Organizations that have embraced this tool are realizing substantial value in its application, both in avoiding poor experiences and maximizing remote human interaction. A recent example from a Unblu customer illustrates this, with their agents initiating 300,000 Co-Apping sessions to address customer issues in the first year, compared to approximately 65,000 traditional Co-Browsing sessions during the same period.

2. Branch closures even off

Recent years have shown us that traditional branches are struggling to remain viable. But this year we may see this trend taper off as consumer preferences align more closely with the availability of branches. According to a JD Power report, 72% of customers express their intention to utilize their nearby branch at a comparable frequency to the previous year, and 38% consider branches to be indispensable.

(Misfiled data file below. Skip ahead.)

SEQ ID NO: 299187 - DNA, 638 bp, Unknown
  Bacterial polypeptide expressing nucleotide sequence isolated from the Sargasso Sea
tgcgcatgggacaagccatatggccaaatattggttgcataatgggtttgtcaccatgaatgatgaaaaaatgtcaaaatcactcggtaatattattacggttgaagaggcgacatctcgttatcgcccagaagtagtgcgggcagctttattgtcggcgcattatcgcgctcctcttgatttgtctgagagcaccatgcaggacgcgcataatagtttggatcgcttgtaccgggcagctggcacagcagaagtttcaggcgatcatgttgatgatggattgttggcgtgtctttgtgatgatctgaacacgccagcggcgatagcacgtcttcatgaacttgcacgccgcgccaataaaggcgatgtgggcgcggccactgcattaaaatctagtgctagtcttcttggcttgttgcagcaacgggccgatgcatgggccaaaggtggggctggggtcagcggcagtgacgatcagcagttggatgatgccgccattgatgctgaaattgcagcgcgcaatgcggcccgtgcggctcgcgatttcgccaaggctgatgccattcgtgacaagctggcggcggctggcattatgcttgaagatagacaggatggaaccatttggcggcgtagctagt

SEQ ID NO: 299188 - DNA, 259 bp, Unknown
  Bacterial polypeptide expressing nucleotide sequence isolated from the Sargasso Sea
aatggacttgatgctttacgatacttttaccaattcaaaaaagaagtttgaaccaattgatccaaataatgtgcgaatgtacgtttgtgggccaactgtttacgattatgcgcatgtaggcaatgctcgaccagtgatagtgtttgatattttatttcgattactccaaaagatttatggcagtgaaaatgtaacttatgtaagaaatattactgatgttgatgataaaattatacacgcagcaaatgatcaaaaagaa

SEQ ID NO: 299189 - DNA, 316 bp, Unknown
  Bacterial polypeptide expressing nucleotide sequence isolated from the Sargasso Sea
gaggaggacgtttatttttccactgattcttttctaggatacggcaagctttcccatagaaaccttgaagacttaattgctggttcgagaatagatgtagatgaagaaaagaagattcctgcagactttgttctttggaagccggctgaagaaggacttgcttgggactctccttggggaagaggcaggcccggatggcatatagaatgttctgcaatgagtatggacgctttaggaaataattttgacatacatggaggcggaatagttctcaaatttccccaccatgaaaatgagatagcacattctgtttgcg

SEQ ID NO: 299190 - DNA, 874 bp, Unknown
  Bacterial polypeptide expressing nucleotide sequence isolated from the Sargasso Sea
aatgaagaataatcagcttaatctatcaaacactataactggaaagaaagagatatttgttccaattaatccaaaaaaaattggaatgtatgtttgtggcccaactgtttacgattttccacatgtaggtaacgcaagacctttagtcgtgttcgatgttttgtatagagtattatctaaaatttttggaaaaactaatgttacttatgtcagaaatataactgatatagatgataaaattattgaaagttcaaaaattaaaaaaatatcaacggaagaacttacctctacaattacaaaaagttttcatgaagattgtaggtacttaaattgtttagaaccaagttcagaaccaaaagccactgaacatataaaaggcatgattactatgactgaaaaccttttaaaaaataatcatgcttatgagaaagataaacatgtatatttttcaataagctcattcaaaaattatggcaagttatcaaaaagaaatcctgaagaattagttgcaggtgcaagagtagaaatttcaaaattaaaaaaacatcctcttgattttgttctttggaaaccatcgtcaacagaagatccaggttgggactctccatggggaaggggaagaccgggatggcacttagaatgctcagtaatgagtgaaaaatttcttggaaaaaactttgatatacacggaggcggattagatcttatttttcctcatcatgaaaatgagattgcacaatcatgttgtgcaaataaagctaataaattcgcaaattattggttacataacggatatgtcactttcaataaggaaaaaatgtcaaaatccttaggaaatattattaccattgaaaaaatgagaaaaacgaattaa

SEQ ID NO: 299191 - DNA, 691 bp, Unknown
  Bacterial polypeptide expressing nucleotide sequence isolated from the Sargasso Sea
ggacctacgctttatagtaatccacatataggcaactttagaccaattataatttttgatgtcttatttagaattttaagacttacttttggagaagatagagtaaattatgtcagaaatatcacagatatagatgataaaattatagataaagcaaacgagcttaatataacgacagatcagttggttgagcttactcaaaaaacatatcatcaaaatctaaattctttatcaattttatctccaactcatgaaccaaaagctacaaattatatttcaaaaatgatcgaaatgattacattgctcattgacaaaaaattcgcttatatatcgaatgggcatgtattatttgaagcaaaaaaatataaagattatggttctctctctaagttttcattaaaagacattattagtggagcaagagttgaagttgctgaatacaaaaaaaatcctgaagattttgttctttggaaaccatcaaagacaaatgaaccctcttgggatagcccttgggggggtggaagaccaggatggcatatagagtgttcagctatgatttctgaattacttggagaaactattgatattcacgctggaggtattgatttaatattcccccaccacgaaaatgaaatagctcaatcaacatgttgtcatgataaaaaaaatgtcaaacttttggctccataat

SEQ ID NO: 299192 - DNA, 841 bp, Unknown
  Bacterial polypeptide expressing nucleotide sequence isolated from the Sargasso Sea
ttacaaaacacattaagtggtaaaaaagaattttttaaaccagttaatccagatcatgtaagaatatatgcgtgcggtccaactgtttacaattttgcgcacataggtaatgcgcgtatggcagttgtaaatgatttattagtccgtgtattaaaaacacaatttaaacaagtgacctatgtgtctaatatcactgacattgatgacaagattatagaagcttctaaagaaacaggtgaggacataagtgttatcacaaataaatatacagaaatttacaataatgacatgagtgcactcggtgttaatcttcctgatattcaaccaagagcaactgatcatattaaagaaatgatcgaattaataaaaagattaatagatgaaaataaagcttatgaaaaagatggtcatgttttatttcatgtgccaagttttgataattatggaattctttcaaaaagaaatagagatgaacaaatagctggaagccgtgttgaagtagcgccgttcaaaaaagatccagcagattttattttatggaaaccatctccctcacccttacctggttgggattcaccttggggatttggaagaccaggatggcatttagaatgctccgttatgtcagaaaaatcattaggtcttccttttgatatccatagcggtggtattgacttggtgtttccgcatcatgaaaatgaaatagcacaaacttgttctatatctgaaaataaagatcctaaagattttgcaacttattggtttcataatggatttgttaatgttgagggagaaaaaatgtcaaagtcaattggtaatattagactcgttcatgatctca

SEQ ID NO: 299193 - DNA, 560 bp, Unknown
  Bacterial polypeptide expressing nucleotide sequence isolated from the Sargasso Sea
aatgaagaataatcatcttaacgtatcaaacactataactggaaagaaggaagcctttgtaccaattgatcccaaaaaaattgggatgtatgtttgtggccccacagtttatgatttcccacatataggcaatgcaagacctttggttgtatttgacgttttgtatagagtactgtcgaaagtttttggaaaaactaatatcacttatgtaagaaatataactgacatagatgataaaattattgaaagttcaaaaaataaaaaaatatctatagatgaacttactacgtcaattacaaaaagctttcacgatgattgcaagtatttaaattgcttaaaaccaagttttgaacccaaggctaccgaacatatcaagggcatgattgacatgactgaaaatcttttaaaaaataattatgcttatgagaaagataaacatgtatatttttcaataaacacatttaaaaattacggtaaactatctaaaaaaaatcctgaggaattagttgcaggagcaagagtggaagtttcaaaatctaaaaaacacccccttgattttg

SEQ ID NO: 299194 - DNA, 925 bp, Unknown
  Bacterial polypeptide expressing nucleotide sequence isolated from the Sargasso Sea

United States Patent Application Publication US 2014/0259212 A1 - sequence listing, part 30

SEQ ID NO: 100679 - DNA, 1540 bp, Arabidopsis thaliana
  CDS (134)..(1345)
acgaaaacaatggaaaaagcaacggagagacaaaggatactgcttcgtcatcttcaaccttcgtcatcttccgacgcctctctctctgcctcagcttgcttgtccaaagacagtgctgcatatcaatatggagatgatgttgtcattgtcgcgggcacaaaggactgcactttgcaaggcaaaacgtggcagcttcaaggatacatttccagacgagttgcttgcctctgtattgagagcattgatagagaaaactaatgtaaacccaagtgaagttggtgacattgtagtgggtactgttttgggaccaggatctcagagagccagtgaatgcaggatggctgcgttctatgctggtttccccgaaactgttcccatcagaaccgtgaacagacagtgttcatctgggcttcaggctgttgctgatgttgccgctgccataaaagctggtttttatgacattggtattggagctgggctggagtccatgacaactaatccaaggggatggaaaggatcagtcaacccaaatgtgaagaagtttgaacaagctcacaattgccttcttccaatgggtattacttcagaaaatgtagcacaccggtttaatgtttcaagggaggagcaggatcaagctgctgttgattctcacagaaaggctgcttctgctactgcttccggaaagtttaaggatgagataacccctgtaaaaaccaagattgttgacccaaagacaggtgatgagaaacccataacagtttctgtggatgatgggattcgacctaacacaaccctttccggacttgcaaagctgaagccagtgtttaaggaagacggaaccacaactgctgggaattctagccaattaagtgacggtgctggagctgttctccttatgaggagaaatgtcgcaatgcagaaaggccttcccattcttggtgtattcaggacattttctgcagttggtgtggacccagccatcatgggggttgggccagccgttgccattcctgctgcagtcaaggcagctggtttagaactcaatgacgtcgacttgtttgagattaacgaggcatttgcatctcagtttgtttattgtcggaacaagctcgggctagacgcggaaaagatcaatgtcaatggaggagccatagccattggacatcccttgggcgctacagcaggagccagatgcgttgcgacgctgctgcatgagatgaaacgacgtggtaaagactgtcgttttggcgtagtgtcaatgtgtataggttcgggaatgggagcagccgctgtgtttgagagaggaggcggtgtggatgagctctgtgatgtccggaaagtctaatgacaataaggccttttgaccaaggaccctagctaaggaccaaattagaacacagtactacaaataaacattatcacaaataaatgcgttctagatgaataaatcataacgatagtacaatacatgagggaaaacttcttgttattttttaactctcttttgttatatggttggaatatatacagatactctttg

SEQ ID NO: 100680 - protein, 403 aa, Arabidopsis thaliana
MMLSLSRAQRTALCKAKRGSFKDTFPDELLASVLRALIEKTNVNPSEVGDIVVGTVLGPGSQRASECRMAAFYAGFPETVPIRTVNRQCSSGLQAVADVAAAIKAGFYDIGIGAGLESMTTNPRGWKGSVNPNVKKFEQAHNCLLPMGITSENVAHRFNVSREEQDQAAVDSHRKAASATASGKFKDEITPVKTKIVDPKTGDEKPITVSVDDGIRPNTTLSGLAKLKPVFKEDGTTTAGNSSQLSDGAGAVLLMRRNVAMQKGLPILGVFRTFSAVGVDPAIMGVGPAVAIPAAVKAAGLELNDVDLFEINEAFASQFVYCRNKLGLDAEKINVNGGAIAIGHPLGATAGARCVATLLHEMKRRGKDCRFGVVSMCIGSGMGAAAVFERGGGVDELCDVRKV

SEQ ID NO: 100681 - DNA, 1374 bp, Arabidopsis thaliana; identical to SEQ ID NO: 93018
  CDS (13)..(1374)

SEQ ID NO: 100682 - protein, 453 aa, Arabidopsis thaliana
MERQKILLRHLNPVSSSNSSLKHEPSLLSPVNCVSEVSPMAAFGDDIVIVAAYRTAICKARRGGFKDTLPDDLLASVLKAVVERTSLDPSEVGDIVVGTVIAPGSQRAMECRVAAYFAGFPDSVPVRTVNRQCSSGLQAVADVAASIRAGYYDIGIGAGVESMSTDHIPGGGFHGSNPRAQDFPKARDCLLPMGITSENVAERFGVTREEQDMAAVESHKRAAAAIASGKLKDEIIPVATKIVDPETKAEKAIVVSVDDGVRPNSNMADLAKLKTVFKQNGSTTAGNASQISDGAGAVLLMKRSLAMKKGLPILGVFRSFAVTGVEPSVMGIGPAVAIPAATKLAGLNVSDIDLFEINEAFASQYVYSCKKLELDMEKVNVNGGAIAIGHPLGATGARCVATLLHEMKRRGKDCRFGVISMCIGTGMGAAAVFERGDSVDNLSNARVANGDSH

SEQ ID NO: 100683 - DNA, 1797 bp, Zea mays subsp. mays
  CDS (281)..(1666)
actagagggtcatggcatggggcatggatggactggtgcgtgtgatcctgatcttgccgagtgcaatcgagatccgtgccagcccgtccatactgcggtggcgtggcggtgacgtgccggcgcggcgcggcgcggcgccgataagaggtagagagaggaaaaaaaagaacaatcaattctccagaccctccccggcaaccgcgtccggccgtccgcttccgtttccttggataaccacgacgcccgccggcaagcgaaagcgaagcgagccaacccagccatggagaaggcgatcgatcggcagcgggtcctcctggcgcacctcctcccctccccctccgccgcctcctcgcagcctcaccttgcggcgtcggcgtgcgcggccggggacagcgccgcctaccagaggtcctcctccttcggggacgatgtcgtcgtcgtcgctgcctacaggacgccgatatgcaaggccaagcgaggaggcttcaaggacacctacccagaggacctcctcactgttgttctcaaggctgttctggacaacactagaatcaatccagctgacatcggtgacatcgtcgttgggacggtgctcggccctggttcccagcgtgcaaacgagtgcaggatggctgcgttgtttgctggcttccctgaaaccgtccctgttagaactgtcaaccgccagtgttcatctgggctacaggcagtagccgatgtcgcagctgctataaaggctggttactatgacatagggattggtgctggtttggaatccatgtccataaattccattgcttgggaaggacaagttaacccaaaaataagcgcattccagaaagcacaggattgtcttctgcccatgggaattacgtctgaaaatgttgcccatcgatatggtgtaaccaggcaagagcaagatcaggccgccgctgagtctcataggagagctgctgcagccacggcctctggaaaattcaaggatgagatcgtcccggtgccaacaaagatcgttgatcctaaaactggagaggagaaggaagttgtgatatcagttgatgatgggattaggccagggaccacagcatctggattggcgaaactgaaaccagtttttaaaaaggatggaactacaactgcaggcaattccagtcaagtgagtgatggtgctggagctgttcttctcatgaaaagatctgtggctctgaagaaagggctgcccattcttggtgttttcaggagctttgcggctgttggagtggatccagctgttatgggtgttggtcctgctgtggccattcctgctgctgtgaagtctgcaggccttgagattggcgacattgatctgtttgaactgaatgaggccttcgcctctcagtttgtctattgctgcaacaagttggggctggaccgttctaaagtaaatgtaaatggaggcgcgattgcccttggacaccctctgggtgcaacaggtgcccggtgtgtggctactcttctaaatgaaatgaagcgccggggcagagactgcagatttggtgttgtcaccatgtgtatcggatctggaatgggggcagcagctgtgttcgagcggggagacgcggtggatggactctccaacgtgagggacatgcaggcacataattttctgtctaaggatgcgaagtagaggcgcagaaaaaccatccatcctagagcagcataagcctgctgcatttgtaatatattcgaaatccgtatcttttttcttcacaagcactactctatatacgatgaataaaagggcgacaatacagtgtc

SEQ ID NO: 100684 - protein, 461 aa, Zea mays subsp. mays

It is clear that branches maintain a crucial role in communities, as a considerable number of customers still favor visiting them for more complex advice. Although the majority of British and German customers employ digital methods to initiate account openings, in France and Italy, in-person branches remain the primary choice for such transactions. Additionally, branches play a substantial role in enhancing customer satisfaction and loyalty, as in-person support fosters a feeling of trust.

Regarding consumer preferences, the majority of survey participants would like more in-depth services at their branch. The most sought-after feature is self-service tools, with 64% of customers expressing a preference for them. Additionally, 44% are interested in co-working options, and 31% desire a more immersive and personalized experience. Nearly half of the respondents also indicated a desire for lifestyle products and offerings to be accessible at their branch.

44% of customers show interest in co-working spaces within their banking branches.

A significant 31% of customers are seeking a more immersive and personalized banking experience.

Nearly 50% of survey respondents want lifestyle products and services available at their bank branches